ARB's New Bushmaster X-Jack Air Jack - Exhaust EscapePosted in Features on October 1, 2006
Everyone has been there. You're trundling along a trail you assume to be solid, and the ground quickly swallows a tire. But as long your truck's still running you could be back on the move in no time with a bit of a lift. We recently put the new X-Jack from ARB under a buried behemoth of a truck and it quickly lifted the tires up out of the deep trench. And the best part is that we inflated this sturdy vinyl air jack with the exhaust pressure direct from the tailpipe of our big-block. It seems hard to believe that the exhaust pressure is strong enough to support the 4-ton weight rating the X-Jack carries, but the volume of the jack allows it to support amazing loads without being under excessive pressures. In fact, the jack shouldn't be pressurized over 10 psi, yet it will still lift a vehicle nearly 30 inches to help clear the tires from deep holes. Although the X-Jack is designed to lift your 4x4, it is not meant for replacing tires or working underneath the frame, but rather solely as a recovery tool.
The bottom of the X-Jack has spiked traction aids to help keep it from sliding out from under your rig during inflation. Even so, you need to be cautious about what you set the air jack on to protect against piercing the air bladder. Luckily the jack also comes with a repair kit in the rare case you need to patch a puncture.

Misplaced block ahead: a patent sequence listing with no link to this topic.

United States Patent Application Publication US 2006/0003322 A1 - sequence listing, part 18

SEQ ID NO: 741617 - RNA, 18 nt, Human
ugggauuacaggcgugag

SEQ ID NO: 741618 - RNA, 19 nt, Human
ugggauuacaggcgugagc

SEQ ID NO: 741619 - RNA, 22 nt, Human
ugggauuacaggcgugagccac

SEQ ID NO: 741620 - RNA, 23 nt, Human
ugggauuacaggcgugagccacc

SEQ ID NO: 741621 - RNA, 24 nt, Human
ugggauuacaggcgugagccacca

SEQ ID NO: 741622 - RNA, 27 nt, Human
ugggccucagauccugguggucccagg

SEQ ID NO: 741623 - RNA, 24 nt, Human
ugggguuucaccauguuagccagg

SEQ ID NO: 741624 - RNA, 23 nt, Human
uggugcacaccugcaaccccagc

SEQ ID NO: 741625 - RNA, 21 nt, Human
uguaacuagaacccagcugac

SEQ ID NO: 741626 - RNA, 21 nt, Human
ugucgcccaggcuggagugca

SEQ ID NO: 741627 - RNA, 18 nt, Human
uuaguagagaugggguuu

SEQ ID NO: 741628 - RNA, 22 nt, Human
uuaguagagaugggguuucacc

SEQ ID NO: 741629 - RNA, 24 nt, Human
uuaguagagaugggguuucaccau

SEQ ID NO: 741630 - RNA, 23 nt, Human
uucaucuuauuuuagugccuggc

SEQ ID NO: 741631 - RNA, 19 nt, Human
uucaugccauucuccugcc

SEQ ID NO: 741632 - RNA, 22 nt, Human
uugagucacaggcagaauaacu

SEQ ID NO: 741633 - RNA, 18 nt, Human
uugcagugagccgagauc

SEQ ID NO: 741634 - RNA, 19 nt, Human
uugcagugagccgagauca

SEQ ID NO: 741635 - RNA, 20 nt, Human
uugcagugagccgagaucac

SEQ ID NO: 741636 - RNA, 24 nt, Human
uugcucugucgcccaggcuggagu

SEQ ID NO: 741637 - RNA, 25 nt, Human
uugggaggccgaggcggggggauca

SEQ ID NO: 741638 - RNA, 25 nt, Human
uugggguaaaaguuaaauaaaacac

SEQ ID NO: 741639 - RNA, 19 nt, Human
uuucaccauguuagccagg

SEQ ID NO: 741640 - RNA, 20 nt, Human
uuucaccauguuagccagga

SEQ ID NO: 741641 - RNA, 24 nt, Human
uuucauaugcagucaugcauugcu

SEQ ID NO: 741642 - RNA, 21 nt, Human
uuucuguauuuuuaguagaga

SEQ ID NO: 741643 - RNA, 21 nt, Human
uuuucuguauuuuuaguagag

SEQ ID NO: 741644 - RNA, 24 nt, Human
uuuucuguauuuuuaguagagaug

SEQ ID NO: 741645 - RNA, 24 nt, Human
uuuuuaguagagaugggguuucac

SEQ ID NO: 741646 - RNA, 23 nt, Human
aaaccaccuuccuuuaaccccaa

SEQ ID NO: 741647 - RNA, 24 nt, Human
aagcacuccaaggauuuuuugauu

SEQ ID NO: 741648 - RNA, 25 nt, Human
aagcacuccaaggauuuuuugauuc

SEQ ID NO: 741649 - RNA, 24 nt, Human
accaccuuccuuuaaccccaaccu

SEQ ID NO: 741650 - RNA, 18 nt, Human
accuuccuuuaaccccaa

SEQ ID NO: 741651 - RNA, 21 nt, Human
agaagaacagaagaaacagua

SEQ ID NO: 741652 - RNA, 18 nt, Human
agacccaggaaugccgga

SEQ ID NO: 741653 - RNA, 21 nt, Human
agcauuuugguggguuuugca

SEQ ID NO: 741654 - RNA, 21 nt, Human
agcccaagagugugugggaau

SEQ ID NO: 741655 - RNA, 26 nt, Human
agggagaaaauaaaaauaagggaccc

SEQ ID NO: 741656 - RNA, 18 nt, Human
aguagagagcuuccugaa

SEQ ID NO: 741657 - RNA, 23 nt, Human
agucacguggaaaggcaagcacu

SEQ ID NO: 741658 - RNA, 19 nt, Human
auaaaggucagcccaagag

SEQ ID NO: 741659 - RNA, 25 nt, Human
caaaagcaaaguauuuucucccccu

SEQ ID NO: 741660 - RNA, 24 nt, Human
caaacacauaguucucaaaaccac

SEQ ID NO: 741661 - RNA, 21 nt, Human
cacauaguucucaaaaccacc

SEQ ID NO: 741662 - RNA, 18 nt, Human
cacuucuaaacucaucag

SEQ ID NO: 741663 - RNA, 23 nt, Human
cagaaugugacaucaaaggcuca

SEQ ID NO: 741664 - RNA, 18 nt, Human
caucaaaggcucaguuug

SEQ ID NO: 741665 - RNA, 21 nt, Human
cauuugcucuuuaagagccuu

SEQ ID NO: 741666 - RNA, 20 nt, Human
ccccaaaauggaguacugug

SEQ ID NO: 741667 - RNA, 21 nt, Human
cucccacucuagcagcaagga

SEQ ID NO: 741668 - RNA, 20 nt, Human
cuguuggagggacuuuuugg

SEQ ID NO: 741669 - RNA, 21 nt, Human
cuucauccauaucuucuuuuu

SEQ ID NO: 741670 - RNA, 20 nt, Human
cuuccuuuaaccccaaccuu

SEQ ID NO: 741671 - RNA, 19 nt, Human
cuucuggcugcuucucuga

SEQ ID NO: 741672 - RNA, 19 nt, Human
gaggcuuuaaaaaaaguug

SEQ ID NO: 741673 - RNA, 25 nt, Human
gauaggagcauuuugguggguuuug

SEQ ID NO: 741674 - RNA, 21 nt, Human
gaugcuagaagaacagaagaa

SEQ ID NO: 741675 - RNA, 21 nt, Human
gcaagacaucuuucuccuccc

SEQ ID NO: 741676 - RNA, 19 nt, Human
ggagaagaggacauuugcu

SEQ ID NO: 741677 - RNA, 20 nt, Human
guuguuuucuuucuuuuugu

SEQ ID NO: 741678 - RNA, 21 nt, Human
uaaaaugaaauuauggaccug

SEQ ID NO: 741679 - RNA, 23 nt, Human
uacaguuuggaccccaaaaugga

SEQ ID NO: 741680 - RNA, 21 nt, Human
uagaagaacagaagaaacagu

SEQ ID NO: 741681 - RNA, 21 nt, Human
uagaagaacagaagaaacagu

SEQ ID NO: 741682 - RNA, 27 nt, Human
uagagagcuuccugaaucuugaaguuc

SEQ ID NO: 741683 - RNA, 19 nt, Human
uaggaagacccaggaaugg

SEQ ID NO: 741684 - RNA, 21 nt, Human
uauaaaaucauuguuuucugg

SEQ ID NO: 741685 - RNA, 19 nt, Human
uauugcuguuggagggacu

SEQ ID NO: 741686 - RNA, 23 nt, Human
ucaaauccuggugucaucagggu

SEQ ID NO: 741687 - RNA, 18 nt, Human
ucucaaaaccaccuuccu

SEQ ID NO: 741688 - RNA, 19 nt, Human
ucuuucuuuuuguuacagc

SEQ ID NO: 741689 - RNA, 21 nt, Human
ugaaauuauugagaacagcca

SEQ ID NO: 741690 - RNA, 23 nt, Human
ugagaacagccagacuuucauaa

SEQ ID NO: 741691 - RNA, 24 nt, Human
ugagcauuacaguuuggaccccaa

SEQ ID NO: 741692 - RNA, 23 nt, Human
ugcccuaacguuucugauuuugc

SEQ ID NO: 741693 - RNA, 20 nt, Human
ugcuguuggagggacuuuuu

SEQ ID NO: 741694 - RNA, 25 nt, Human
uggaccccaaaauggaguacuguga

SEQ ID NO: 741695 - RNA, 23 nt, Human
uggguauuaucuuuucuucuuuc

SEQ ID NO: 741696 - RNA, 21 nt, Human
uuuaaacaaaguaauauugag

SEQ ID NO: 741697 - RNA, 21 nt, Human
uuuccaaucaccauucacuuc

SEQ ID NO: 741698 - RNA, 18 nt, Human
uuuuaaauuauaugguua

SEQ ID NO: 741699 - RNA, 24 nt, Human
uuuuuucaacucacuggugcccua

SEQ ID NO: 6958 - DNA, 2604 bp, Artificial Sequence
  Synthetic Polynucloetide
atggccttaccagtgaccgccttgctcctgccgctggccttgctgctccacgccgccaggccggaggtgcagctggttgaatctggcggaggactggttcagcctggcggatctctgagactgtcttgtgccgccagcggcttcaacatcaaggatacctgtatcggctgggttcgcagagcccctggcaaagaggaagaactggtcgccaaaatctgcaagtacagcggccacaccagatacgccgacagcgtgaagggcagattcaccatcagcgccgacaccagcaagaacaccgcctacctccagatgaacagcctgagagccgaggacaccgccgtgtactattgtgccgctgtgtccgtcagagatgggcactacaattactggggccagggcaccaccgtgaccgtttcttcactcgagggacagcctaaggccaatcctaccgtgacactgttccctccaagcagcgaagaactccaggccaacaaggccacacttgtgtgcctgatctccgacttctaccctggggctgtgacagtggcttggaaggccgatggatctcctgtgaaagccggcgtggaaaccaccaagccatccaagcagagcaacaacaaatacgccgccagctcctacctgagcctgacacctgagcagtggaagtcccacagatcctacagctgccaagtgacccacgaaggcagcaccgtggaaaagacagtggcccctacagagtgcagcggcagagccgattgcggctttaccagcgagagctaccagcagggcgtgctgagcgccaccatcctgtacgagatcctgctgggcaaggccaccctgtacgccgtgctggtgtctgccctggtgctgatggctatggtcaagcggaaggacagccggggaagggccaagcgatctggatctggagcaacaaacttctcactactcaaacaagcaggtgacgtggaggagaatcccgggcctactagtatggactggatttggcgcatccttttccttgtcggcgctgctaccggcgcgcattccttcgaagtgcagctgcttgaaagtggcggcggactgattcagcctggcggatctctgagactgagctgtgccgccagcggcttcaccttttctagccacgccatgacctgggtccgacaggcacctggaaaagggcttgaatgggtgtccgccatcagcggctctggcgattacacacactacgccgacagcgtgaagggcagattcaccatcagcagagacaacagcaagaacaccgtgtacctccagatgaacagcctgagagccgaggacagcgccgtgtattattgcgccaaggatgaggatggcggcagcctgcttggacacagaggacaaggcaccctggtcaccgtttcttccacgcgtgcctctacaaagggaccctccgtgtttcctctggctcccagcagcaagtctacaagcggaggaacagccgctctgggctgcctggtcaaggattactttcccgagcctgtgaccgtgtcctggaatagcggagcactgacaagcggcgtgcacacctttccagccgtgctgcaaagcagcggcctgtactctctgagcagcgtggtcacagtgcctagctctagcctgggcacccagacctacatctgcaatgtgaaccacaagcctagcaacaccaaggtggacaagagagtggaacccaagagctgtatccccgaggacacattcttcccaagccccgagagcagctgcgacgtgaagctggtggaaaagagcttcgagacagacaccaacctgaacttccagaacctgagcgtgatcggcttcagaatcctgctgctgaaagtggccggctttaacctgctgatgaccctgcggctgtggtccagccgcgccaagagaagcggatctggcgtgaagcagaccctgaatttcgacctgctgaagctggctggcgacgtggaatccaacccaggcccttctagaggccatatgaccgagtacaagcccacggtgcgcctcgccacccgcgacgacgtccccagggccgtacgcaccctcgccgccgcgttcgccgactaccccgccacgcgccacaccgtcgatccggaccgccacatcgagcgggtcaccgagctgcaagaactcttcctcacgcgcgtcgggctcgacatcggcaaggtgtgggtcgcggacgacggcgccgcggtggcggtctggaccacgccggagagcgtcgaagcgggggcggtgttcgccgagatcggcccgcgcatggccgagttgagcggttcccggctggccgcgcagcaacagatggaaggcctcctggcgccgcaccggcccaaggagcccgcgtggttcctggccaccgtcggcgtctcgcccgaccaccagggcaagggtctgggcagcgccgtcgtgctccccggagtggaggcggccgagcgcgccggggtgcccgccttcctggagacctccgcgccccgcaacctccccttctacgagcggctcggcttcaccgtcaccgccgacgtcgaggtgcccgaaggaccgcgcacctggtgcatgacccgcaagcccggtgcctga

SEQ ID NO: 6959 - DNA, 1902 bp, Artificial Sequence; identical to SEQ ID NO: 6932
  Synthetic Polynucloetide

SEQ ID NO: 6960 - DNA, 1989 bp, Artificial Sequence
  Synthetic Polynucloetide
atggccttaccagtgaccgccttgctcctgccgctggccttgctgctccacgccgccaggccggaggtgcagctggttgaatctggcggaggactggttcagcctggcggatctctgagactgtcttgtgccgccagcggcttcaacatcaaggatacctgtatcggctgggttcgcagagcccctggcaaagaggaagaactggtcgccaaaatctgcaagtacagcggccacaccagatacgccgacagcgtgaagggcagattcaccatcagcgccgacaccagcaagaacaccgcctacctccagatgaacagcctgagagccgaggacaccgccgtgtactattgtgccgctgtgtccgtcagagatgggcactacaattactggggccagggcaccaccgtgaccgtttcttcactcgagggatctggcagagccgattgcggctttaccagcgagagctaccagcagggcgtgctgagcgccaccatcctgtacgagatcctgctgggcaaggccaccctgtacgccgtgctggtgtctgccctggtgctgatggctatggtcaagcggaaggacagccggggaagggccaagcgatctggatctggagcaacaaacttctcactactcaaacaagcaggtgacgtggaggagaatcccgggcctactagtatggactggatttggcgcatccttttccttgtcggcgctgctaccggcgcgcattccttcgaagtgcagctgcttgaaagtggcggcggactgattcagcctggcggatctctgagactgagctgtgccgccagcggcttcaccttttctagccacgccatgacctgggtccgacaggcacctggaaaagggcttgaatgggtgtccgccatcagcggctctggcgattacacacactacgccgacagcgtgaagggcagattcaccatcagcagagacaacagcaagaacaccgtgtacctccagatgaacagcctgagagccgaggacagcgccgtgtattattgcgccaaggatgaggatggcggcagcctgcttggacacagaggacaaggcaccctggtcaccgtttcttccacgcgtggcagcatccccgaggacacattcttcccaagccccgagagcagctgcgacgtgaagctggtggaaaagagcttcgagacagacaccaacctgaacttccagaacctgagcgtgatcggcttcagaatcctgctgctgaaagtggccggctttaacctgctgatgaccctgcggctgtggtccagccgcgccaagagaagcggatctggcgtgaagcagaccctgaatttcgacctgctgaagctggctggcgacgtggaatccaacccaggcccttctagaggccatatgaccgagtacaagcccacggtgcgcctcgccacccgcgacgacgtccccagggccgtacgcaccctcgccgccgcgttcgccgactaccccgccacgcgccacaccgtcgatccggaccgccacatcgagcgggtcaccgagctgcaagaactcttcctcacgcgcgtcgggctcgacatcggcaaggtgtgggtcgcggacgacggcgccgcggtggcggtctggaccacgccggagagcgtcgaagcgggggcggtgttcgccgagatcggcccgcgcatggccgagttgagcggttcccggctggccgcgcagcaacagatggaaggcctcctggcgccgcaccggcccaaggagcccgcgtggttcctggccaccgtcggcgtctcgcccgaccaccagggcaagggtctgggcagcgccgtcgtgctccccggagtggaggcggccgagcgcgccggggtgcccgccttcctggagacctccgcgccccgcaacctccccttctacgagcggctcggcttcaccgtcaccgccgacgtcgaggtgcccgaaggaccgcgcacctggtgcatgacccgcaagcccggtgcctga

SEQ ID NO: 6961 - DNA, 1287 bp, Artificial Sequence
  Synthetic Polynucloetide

When you hook up the fill hose to the jack body you are effectively closing a check valve for the air in the jack. Then you simply slide the jack under the vehicle's frame or axle. The X-Jack has a triple-layer top to help resist punctures, and a protective mat that can be used above or below the jack. But when locating the jack under your truck keep it clear of sharp edges and hot exhaust.
Here is the best part. You don't need any additional compressor to fill the X-Jack. Although you can attach one to the valve stem on the side of the jack, we simply pushed the filler hose cone over the tailpipe and watched the jack pump up. We did need to hold the cone onto the exhaust, but since the end of the hose has a one-way valve you can pull it off at any time and the jack will not deflate. Once you have the tires clear, simply fill the holes under the treads and remove the fill hose from the jack, allowing it to deflate.
Here is the one suggestion we have: If the collapsed X-Jack fits in a canvas carrying case approximately the diameter of a 33-inch tire then why not offer it with some straps to affix it onto the spare?